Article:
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14 Leonardo Almeda v. Onofre Villaluz

Criminal Procedure
Leonardo Almeda v. Onofre Villaluz
G.R. No. L-31665
August 6, 1975
The petitioner Leonardo Almeda was charged, together with five others, with the
crime of qualified theft of a motor vehicle in the Circuit Criminal Court of Pasig.
At the hearing, the respondent city fiscal, thru his assistant, reiterated his oral motion
made at a previous hearing for amendment of the information so as to include allegations of
recidivism and habitual delinquency in the particular case of Almeda. The latter vigorously
objected, arguing that (a) the motion to amend should have been made in writing in order to
enable him to object formally, and (b) the proposed amendment would place him in double
jeopardy considering that he had already pleaded not guilty to the information. The trial court
nevertheless granted the respondent fiscal's motion in open court. An oral motion for
reconsideration was denied.
Immediately thereafter, the assistant fiscal took hold of the original information and,
then and there, entered his amendment by annotating the same on the back of the document.
The petitioner forthwith moved for the dismissal of the charge on the ground of double
jeopardy, but this motion and a motion for reconsideration were denied in open court.
Whether the amendment of the Information violates Rule 13
PARTLY. Under section 13 of Rule 110 of the Rules of Court, the trial court has
discretion to allow amendments to the information on all matters of form after the defendant
has pleaded and during the trial when the same can be done without prejudice to the rights of
the defendant. What are prohibited at this stage are amendments in substance. The substantial
matter in a complaint or information is the recital of facts constituting the offense charged
and determinative of jurisdiction. All other matters are merely of form.
The additional allegations of habitual delinquency and recidivism do not have the
effect of charging another offense different or distinct from the charge of qualified theft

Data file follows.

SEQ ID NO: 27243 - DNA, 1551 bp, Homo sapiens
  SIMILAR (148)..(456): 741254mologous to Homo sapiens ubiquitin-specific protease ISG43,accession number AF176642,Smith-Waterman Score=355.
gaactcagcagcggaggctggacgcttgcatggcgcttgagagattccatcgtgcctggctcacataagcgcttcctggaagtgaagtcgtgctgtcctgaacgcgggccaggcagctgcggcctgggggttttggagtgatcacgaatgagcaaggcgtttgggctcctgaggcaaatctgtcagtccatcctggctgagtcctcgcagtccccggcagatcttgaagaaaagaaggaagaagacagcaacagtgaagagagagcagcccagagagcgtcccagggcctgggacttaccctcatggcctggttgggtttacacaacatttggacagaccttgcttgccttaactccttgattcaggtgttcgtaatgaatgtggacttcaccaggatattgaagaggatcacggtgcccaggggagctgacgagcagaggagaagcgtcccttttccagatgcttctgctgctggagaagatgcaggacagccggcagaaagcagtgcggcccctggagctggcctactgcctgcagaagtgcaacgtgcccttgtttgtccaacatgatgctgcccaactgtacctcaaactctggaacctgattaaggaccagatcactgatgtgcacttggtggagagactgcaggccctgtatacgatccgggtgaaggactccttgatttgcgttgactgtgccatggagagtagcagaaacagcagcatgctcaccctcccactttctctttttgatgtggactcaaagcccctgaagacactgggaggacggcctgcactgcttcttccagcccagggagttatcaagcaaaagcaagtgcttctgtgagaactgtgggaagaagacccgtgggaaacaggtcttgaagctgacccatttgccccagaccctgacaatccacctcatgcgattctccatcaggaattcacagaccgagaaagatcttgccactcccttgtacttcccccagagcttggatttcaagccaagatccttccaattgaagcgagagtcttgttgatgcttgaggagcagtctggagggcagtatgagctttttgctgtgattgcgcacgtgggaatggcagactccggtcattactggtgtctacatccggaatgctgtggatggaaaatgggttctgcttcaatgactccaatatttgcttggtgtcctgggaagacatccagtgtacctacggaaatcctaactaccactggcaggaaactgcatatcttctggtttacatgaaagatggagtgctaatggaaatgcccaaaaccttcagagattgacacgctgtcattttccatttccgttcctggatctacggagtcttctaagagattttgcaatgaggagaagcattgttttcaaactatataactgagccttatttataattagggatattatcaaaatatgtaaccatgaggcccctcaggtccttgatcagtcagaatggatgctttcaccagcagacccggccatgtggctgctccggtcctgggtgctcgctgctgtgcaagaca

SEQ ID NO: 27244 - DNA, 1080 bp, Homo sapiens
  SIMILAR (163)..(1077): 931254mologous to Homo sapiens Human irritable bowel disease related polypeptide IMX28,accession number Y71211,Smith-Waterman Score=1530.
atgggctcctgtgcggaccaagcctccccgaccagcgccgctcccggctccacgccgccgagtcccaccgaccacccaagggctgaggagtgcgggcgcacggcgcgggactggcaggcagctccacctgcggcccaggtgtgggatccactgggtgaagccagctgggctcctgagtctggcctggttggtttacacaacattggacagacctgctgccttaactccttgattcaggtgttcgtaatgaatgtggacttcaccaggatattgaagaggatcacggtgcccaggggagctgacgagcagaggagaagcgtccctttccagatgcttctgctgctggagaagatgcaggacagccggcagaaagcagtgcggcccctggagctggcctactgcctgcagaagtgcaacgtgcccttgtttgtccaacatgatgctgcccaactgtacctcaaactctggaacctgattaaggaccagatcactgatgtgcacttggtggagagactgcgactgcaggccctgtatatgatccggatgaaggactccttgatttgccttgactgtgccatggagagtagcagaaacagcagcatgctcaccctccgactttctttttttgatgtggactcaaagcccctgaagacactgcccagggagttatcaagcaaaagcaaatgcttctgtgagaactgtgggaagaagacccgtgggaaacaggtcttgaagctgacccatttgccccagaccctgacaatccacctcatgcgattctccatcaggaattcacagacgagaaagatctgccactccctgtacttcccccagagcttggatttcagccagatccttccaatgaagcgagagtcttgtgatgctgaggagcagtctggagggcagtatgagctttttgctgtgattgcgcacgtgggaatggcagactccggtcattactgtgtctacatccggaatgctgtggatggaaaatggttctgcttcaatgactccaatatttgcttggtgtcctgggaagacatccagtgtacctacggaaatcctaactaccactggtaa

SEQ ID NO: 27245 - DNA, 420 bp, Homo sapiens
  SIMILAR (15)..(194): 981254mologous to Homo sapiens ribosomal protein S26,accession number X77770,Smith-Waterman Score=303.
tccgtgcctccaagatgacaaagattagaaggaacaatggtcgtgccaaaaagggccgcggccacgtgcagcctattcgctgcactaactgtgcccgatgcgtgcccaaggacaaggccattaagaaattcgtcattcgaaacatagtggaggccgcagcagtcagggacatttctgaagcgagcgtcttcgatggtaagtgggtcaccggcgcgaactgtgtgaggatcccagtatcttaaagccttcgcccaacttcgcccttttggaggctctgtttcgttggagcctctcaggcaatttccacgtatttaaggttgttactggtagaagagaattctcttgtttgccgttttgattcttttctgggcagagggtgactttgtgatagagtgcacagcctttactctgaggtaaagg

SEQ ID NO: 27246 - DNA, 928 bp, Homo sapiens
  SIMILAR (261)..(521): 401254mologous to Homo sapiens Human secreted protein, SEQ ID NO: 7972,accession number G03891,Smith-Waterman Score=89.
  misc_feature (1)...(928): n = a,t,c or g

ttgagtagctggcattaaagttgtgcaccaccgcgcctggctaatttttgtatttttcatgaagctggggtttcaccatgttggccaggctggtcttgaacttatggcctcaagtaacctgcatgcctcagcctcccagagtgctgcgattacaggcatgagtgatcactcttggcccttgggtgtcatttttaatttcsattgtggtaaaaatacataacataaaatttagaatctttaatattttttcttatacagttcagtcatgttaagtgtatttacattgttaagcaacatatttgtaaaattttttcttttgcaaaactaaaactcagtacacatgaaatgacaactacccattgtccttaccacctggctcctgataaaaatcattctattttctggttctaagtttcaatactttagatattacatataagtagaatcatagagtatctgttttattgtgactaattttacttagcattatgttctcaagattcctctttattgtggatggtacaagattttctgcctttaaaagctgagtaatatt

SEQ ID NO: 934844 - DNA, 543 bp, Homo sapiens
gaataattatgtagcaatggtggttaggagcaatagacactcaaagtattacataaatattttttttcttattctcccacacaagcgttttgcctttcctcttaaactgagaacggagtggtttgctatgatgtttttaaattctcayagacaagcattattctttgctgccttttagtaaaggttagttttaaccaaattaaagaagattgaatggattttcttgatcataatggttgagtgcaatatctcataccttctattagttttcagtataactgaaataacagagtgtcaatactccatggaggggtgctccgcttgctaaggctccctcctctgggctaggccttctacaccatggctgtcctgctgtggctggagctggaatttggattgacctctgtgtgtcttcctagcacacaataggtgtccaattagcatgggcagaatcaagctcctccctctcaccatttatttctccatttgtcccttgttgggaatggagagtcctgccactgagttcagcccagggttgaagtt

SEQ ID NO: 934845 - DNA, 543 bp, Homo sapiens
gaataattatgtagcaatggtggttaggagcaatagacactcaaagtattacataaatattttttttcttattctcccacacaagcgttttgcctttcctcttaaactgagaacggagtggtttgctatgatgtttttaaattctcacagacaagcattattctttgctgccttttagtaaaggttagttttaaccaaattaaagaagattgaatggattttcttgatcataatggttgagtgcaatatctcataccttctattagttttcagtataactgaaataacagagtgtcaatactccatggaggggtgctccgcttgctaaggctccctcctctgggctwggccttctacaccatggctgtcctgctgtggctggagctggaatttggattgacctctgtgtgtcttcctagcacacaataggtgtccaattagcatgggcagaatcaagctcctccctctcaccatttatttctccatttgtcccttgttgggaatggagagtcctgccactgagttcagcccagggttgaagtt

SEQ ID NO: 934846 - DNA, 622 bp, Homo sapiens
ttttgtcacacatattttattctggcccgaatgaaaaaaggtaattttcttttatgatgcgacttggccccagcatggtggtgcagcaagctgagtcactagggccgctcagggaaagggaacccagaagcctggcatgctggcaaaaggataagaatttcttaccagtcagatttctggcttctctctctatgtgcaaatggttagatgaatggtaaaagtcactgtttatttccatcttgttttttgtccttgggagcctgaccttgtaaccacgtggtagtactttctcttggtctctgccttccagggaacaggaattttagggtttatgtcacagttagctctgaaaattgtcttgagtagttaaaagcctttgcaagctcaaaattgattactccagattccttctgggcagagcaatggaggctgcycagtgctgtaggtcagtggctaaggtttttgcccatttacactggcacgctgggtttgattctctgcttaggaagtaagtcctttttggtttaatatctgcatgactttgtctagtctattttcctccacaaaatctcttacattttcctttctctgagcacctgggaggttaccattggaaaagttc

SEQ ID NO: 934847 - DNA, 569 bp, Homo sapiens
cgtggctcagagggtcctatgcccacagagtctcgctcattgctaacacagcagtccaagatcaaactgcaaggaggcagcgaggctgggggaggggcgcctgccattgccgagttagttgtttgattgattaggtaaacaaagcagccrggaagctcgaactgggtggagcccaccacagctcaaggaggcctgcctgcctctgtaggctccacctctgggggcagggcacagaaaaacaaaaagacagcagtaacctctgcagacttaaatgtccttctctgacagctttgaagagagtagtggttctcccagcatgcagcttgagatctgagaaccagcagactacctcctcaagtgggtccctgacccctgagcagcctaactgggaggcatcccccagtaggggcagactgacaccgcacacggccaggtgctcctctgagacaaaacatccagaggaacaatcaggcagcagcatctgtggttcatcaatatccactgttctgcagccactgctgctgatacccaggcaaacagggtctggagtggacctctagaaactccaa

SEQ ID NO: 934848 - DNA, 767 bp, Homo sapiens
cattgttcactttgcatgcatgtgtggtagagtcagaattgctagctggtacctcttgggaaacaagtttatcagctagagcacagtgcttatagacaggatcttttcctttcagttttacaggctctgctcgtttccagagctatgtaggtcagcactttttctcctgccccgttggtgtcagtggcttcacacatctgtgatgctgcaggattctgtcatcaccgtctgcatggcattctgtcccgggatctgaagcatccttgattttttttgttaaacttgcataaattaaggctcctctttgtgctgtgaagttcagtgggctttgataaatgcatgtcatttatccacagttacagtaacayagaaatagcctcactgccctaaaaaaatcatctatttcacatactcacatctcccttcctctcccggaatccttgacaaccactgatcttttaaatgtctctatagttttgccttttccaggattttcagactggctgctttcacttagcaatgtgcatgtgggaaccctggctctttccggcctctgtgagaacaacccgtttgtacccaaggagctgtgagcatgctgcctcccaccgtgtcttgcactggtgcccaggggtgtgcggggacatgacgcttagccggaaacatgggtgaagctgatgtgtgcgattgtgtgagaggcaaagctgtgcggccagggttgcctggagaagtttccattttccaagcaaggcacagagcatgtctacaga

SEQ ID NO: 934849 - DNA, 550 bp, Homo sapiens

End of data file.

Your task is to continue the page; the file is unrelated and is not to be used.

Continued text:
contained in the information. Neither do they tend to correct any defect in the jurisdiction of
the trial court over the subject-matter of the case. The said new allegations relate only to the
range of the penalty that the court might impose in the event of conviction. They do not alter
the prosecution's theory of the case nor possibly prejudice the form of defense the accused
has or will assume. Consequently, in authorizing the amendments, the respondent judge acted
with due consideration of the petitioner's rights and did not abuse his discretion.
Further, here is double jeopardy only when all the following requisites obtain in the
original prosecution; (a) a valid complaint or information; (b) a competent court; (c) the
defendant had pleaded to the charge; and (d) the defendant was acquitted, or convicted, or the
case against him was dismissed or otherwise terminated without his consent.
It is clear that the petitioner Almeda has not yet been convicted nor acquitted of the
charge of qualified theft of a motor vehicle contained in the original information. Neither has
the case against him been dismissed or otherwise terminated. The mere amendment of the
information to include allegations of habitual delinquency and recidivism does not have the
effect of a dismissal of the criminal action for qualified theft alleged in the original